n French Studies in Southern Africa - Du temps où Derrida était "pour" Mandela, ou les limites de la littérature engagée

Volume 2008, Issue 38
  • ISSN : 0259-0247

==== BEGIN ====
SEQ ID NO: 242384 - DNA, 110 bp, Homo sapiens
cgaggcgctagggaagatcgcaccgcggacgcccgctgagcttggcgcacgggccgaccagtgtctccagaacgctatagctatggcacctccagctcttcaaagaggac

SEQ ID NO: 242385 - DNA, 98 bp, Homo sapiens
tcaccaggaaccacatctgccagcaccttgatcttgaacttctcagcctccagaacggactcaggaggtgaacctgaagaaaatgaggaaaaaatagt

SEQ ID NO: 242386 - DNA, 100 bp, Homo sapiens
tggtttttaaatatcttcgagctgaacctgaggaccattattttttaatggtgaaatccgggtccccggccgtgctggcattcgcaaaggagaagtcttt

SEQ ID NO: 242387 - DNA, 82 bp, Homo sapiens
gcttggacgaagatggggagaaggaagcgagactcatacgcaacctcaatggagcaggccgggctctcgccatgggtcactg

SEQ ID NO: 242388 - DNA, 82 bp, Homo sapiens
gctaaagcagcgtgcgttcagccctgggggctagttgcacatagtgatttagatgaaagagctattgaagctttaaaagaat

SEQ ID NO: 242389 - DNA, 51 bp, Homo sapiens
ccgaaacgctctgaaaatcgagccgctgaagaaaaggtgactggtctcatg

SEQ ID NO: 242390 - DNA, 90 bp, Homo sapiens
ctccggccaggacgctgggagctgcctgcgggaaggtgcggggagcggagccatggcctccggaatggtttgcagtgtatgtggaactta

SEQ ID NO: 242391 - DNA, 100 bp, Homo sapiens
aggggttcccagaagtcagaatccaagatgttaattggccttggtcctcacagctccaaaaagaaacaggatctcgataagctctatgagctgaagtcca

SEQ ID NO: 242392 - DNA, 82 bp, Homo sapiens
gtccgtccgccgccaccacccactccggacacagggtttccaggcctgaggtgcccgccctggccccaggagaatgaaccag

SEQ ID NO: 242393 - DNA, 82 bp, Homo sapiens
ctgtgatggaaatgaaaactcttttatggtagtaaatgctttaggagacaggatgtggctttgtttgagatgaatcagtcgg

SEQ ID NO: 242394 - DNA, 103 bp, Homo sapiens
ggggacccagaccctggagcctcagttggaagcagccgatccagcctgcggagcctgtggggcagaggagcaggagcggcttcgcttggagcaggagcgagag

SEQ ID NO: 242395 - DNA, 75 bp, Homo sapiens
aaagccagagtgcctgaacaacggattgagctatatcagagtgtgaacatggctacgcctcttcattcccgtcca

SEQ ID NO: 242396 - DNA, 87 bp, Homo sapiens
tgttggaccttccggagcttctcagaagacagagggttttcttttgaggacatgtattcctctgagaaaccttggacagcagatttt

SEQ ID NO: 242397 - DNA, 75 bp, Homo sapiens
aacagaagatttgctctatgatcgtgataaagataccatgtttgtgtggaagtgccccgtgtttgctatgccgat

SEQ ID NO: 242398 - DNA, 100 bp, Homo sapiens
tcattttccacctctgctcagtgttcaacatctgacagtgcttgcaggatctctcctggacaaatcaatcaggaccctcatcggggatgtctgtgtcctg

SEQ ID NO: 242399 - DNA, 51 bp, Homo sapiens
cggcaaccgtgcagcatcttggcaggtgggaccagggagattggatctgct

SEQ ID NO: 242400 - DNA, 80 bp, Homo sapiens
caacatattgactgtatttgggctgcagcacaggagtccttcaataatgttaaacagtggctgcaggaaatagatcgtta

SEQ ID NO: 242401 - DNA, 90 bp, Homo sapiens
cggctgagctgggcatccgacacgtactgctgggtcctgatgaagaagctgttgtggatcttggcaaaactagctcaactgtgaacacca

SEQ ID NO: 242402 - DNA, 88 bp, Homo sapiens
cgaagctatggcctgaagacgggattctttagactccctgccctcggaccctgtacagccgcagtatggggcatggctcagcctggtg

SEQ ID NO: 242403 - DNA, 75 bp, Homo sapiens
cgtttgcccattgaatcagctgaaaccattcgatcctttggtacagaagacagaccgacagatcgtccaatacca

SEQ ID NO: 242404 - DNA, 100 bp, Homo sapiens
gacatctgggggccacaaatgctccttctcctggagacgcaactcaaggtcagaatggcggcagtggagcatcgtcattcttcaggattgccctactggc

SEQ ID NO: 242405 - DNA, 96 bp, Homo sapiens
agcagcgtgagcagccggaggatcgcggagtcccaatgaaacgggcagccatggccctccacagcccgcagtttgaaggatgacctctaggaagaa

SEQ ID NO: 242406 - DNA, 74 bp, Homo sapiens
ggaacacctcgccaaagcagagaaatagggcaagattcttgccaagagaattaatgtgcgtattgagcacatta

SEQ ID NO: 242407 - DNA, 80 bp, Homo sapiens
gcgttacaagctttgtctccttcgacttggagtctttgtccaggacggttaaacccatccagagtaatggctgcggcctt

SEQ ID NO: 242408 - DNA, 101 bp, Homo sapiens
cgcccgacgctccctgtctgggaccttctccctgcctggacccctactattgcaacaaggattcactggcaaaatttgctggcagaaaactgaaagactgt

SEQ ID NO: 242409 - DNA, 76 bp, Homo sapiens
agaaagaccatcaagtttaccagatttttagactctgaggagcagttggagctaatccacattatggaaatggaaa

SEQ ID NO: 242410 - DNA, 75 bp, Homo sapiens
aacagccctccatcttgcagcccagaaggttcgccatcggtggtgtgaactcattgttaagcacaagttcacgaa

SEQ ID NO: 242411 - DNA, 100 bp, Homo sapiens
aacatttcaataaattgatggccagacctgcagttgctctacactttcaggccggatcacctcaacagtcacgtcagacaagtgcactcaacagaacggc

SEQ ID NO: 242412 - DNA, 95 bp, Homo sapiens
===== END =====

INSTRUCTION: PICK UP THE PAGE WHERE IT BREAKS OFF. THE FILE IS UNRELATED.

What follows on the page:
In 1986 Jacques Derrida published an essay "Admiration de Nelson Mandela, ou les lois de la réflexion" as part of the collection (For Nelson Mandela), edited by himself and Mustapha Tlili, a work clearly recognizable as . This article sets out to examine the apparent paradox of a "deconstructionist" discourse (generally associated with Derrida), characterized by its refusal to admit a "true" signifier, but which here concerns itself with a signifier generally considered to be as "true" (because he is an icon) as "Nelson Mandela". The article investigates the metonymic play at work in the essay, primarily centered on the metaphors (signifiers) admiration / reflection. It then considers ways in which Derrida integrates the "absolute" signifier of Mandela into history, notably through an occasional personal intervention which to some extent reduces the metaphorical charge, as well as in particular instances of punctuation, thereby indicating certain "limits" of Derrida's engagement "for" Nelson Mandela.

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